What is the chemical solution that needed (nickel sulphate)? What is the concentration and the process parameter (eg. temperature, pH...). Is this process called nickel plating? Hope that someone can give me a hand on this.

Jay Lee [returning]
- Klang, Selangor, Malaysia

simultaneous February 28, 2011

Jay, if you are looking to give a champagne color (similar to ENP shade)to the anodized aluminum, you would have to electro color the articles in a tin sulphate solution for a few seconds. You would have to add the electro color bath to your anodizing line for this purpose.Please understand that the bath has to be regularly maintained to give consistent color. Color can also vary depending on the aluminum alloys.

Winston D'Souza
- Bombay, India

February 28, 2011


Your second posting make things a lot clearer.The process you are looking for is not nickel plating. It is called electrolytic coloring, usually for architectural profiles. The beauty electrolytic coloring is that they don't fade when expose to to UV light ( sunlight ) as compared to organic dyes.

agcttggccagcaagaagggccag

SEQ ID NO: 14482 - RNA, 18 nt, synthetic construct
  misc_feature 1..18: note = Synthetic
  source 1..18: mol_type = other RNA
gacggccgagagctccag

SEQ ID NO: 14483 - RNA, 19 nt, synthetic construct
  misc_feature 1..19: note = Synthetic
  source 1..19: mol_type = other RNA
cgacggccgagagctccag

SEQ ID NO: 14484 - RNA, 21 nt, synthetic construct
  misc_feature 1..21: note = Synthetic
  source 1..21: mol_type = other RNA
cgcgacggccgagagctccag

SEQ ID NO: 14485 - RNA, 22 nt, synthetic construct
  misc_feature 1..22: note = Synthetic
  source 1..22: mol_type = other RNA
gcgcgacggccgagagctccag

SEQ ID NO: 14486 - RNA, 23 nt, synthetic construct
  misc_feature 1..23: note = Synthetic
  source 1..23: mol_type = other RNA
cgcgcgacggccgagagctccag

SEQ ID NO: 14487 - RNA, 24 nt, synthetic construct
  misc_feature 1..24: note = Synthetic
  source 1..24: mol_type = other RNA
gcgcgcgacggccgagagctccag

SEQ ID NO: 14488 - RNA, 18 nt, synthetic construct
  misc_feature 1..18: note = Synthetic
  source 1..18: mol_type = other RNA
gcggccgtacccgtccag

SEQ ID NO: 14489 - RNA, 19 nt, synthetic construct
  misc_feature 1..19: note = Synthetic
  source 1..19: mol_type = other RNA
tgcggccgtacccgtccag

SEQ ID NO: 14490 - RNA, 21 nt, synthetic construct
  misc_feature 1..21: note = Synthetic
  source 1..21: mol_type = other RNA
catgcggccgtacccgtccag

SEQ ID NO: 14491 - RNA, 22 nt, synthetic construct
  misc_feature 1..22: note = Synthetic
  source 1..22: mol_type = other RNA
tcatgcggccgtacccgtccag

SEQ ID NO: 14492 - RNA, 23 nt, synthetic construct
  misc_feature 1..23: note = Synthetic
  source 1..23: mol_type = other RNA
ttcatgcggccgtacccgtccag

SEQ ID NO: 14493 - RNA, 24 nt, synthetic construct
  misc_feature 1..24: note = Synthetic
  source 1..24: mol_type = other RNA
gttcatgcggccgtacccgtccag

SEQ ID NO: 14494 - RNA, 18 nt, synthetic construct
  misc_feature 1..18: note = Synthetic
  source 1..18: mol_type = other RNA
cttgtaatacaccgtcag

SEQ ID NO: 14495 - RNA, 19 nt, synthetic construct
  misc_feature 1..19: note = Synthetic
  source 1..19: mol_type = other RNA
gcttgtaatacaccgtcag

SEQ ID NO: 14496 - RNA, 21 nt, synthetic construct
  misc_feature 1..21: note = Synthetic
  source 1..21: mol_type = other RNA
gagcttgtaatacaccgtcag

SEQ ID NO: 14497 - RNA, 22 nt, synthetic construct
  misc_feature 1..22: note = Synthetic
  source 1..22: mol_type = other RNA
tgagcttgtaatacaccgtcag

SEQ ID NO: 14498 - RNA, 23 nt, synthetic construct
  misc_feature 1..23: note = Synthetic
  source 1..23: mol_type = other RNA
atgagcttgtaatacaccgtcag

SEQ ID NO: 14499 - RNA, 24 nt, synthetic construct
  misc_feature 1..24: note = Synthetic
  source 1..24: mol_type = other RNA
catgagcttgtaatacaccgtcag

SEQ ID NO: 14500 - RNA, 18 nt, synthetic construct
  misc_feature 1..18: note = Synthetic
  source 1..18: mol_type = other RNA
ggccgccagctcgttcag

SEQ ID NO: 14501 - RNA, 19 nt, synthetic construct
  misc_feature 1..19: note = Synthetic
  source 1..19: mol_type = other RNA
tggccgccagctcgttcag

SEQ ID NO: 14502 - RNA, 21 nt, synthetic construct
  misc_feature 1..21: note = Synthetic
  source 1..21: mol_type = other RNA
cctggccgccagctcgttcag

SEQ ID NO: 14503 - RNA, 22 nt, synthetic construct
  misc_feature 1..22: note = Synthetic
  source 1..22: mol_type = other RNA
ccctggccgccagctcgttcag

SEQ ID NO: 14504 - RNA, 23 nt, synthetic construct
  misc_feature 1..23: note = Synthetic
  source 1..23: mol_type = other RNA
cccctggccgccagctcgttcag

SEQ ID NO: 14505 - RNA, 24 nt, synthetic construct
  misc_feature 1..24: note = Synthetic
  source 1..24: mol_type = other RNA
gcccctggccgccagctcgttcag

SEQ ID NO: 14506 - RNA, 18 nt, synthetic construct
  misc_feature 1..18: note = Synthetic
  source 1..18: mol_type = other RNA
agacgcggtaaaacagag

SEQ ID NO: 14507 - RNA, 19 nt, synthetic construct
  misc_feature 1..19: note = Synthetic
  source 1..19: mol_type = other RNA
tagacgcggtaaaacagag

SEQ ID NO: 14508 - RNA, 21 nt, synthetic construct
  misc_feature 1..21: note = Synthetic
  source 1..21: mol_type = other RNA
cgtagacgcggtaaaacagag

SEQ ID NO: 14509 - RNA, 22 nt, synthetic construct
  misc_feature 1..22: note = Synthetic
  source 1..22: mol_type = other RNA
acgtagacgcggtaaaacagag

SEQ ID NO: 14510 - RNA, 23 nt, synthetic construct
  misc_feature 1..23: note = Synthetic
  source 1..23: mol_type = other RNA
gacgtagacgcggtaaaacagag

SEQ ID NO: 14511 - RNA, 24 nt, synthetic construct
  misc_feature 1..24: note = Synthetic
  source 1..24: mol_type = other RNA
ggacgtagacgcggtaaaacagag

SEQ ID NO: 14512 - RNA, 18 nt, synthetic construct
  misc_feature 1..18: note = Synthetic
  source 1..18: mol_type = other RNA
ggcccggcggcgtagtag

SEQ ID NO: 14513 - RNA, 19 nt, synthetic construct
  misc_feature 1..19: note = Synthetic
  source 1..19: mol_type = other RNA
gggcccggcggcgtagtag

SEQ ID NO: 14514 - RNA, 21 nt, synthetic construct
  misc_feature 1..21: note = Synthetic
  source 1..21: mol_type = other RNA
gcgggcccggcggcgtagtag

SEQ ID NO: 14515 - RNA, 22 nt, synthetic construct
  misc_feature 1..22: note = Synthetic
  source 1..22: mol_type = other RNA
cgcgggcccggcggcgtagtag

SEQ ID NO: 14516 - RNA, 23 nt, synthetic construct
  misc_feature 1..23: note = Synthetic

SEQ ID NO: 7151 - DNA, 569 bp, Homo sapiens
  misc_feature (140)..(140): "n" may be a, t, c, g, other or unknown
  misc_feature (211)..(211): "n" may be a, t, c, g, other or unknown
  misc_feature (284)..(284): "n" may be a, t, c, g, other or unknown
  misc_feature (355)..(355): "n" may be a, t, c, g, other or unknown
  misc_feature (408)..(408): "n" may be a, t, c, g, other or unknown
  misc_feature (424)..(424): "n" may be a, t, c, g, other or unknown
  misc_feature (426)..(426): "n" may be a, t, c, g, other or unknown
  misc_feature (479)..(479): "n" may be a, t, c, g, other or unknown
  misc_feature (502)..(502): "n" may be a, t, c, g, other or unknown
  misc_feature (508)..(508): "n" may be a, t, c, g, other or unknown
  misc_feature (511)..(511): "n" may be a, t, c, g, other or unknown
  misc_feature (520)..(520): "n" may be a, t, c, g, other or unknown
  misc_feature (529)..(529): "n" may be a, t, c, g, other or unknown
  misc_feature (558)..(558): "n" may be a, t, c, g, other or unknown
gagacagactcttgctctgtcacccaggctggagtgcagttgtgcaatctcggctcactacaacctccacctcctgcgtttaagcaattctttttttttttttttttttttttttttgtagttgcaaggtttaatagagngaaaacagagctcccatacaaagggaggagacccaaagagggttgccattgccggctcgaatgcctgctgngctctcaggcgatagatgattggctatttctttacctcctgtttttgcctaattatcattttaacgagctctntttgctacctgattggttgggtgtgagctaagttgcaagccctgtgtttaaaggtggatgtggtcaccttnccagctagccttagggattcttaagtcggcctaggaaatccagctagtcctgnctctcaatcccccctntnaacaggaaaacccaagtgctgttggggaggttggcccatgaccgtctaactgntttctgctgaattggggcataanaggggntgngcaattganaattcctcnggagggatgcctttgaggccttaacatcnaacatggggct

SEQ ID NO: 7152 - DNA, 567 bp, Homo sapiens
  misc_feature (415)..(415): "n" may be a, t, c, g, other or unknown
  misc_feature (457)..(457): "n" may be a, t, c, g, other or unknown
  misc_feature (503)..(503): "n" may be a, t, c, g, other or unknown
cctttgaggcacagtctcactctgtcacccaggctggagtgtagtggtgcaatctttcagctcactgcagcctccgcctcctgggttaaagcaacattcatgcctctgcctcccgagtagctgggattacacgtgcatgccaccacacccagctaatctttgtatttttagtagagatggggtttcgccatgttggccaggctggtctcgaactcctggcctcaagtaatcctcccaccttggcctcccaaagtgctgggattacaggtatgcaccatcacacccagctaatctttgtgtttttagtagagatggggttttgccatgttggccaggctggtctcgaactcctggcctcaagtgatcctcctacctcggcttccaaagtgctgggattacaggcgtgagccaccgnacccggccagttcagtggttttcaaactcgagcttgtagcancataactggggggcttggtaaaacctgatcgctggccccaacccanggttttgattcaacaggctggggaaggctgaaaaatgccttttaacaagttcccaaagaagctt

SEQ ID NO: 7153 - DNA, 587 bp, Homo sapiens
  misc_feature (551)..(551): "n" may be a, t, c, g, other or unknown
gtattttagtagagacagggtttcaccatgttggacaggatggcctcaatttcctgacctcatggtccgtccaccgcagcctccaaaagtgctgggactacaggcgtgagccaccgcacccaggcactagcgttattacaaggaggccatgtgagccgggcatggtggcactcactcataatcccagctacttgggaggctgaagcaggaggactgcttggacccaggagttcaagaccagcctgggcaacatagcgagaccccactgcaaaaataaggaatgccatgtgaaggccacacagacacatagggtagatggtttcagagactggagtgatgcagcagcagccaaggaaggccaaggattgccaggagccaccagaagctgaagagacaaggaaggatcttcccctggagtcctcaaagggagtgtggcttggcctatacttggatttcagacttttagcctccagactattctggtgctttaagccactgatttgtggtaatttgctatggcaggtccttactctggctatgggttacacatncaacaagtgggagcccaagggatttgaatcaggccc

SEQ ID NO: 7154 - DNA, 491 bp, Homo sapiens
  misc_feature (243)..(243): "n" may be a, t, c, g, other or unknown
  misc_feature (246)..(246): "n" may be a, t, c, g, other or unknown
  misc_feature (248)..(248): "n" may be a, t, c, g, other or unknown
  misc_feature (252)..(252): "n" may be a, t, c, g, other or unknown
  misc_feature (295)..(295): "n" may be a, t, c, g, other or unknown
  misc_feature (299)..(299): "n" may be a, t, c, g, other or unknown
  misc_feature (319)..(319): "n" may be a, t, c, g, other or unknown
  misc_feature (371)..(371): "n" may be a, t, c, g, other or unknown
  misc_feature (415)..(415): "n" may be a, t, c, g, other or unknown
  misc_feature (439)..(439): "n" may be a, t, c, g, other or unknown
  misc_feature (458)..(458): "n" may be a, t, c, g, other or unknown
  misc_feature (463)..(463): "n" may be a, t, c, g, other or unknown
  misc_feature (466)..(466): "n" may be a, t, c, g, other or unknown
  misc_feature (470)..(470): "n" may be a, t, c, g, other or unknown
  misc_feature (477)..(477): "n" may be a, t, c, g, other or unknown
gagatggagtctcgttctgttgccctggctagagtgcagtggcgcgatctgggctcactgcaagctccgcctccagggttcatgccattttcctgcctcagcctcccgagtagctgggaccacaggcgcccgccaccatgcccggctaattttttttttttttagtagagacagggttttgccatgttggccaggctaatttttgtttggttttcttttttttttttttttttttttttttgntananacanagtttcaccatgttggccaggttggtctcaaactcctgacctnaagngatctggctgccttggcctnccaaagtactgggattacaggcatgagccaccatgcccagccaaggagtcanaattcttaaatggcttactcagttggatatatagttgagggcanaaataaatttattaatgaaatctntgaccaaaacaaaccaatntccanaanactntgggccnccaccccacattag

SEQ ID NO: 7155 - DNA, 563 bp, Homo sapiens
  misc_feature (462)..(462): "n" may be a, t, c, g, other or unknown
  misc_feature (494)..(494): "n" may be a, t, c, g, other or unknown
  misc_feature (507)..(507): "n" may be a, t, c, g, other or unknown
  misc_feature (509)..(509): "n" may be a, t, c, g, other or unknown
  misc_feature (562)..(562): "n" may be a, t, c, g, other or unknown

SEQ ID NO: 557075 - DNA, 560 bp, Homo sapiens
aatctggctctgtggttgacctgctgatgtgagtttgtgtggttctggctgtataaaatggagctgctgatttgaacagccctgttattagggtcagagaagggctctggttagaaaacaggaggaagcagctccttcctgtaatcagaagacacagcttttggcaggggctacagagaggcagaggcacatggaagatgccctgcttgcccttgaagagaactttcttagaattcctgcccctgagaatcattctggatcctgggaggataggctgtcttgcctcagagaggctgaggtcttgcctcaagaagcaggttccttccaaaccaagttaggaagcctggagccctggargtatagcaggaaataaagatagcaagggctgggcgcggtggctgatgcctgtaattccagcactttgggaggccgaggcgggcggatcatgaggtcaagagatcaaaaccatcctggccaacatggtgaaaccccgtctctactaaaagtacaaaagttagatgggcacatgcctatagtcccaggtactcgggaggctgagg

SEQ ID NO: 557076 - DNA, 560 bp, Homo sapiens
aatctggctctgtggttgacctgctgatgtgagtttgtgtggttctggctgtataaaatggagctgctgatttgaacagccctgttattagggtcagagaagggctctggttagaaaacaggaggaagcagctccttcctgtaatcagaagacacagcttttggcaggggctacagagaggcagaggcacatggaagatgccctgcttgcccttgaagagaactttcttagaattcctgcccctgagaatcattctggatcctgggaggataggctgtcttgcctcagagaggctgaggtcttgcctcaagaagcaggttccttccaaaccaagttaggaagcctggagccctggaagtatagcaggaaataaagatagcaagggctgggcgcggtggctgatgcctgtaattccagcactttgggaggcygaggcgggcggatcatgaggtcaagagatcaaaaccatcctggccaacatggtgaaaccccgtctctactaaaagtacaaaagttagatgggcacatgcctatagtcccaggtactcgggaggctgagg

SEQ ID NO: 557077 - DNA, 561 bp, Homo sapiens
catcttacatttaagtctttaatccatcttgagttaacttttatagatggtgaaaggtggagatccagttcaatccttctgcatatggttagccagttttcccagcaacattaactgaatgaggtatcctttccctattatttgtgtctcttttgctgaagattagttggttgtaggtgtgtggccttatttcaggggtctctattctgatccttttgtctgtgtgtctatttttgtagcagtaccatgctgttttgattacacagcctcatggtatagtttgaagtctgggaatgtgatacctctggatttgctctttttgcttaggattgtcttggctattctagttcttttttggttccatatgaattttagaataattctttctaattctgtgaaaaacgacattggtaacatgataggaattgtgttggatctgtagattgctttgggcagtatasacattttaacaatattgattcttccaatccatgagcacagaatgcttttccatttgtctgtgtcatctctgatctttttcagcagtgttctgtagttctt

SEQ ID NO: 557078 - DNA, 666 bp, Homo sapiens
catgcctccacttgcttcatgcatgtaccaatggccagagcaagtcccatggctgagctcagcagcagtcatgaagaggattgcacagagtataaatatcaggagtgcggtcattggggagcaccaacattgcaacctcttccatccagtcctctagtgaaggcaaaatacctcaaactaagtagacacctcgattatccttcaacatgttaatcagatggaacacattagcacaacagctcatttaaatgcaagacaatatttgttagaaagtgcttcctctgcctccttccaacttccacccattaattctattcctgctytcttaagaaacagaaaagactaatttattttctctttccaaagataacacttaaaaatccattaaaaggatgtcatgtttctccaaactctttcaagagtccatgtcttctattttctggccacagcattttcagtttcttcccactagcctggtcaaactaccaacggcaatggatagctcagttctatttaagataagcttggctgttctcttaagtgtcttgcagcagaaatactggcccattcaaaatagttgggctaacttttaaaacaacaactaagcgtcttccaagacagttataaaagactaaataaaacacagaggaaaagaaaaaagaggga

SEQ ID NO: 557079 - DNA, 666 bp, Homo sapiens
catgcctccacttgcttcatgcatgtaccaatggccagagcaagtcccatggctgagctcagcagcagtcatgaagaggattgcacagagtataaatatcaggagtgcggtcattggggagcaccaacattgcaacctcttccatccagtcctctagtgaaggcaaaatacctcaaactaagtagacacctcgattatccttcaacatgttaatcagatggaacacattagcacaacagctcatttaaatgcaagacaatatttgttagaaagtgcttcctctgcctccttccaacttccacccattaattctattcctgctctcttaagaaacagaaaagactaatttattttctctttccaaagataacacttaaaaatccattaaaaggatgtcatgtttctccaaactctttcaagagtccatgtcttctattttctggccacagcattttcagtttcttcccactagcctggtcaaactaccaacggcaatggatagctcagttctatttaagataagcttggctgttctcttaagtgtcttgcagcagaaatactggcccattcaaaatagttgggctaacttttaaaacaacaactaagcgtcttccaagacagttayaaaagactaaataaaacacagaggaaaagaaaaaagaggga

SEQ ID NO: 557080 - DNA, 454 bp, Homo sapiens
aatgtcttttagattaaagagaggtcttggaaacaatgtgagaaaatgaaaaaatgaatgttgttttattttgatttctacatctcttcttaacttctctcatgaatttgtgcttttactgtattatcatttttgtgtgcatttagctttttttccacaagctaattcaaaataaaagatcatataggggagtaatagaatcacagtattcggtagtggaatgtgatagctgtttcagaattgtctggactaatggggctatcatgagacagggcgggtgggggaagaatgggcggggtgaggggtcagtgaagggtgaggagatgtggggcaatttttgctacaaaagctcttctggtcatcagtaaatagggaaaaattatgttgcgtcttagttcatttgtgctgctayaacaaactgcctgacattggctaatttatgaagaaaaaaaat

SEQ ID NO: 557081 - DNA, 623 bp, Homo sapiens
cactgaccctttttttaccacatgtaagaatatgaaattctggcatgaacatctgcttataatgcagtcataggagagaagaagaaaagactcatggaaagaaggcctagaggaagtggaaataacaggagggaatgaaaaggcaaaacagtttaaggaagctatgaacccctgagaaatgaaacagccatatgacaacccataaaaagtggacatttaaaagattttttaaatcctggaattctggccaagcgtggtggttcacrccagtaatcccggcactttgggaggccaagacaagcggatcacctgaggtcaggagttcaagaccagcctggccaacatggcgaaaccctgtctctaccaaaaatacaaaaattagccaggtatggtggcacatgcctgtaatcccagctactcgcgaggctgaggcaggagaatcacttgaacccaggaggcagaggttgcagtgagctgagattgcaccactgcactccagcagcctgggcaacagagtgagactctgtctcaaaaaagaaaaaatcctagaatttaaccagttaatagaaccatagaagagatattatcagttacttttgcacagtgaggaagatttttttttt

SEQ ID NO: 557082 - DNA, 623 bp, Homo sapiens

Electrolytic coloring deposits metal salts into the anodized pores, usually, salts of nickel,cobalt, tin etc., using AC voltage. Yes, nickel sulfate is one of the metal salts used. Instead of re-inventing the wheel, you'll be better off getting the coloring solutions from suppliers which comes along with tech support.

SK Cheah
- Penang, Malaysia

Tin sulphate concentration in electrolytic coloring bath jumps up & down

June 16, 2017

Q. Dear finishing team ,
I am a laboratory technical in aluminum extrusion company